So the drought is over, right?
The short answer is well, maybe.

As the summer season swings into action and temperatures start to rise, it’s the perfect time to remember that as Angelenos, we all have the responsibility to act as stewards for our water and urban trees — even during a record-wet year like this one.

Whether or not we are “in drought” depends not only on the amount of rain we receive but also on temperature — as Peter Gleick, one of the brilliant minds at the Pacific Institute in Oakland has noted.Read more >>

 

Concrete to Canopy: Green Dreams for Inglewood & Lennox

What comes to mind when you think of South LA? Endless stretches of treeless streets sealed in sizzling pavement?

Imagine if we could convert concrete to canopy one block, one person, one tree at a time.

Our climate reality has left frontline communities vulnerable to devastating impacts– like crippling heat and harmful floods. Inglewood and Lennox are prime examples, tucked away within the concrete-laden, tree-poor neighborhoods of South LA.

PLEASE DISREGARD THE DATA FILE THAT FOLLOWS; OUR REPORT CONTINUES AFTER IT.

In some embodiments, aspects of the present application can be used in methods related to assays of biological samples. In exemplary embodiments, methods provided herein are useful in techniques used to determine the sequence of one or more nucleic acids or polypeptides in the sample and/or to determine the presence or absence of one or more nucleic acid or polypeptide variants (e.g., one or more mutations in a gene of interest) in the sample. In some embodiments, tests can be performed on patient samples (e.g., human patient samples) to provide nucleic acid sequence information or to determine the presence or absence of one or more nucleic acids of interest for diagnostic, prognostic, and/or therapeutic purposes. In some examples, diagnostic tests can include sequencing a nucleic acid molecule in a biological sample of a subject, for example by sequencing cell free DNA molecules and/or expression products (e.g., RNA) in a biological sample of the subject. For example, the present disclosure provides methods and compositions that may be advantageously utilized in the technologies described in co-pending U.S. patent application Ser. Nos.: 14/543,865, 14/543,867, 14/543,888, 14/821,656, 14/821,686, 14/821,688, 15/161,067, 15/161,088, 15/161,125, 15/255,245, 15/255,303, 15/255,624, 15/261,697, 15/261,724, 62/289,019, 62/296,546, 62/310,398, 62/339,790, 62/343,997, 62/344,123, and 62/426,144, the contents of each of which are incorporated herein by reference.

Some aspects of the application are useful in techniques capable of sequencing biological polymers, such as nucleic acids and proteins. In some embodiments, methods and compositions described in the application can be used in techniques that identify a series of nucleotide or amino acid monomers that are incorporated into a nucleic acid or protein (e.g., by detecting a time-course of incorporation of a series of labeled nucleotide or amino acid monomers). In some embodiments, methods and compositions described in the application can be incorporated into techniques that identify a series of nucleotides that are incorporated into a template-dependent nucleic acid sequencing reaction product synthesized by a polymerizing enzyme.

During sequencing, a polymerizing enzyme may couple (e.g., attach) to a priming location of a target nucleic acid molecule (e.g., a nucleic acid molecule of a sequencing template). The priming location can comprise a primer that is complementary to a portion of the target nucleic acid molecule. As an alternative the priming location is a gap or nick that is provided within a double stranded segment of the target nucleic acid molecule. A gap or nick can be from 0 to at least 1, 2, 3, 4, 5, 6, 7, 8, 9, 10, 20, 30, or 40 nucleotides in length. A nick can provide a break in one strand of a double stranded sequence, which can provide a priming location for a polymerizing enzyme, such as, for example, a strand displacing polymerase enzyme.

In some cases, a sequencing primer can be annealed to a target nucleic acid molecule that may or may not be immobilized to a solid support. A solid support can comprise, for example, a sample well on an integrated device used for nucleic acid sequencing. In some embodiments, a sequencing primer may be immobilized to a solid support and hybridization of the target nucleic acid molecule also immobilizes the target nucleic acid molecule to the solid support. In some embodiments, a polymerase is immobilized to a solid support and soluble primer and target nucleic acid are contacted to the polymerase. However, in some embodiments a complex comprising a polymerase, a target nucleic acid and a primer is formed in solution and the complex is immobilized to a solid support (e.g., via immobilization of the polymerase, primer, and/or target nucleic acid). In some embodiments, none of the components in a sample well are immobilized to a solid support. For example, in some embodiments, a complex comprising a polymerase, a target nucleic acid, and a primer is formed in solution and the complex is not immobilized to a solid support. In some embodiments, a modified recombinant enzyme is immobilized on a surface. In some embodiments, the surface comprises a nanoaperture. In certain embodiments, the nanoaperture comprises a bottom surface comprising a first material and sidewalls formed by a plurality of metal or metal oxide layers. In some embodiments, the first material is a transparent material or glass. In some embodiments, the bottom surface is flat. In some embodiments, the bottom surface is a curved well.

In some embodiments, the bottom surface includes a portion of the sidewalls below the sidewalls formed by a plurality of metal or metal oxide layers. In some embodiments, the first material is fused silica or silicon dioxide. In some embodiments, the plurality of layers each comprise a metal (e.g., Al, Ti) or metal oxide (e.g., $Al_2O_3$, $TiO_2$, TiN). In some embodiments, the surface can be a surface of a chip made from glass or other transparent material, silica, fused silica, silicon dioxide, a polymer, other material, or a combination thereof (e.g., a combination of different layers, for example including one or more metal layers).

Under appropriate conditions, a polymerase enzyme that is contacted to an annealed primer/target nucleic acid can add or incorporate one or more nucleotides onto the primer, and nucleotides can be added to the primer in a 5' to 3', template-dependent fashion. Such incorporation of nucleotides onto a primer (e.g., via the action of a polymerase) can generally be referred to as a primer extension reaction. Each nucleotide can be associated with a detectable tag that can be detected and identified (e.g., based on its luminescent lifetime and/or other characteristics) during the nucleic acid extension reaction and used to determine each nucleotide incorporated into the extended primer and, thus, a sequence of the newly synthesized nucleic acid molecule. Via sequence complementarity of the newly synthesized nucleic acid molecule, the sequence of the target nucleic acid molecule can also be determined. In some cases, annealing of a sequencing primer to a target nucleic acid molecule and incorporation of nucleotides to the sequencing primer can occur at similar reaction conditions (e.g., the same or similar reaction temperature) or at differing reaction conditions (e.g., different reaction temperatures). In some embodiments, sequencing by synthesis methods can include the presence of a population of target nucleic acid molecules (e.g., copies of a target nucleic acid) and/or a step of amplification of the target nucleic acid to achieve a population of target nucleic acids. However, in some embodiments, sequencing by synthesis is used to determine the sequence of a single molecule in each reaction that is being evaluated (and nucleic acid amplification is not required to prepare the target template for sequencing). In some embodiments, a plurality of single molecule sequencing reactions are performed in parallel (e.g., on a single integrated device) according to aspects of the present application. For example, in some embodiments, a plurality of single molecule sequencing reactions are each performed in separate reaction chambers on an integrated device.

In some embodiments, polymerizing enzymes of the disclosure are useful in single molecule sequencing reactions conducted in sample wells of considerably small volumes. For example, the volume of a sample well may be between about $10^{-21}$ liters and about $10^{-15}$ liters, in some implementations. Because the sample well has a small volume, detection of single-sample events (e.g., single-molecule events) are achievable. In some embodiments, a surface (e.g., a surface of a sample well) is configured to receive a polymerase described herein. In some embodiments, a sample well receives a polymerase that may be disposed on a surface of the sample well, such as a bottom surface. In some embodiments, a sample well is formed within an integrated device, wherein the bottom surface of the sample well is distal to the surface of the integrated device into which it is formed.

Left without adequate resources or enough life-saving tree canopy, these neighborhoods are at risk of damage from climate change’s extreme weather events and public health impacts, including pollution-triggered asthma and heat-related hospitalizations.Read more >>

 

TreePeople and Metro Partner to Green Los Angeles

With the opening of the Expo Line extension last month and more on the way, Metro’s role in shaping Los Angeles has been on our minds. But did you know that Metro does more than build and provide public transportation?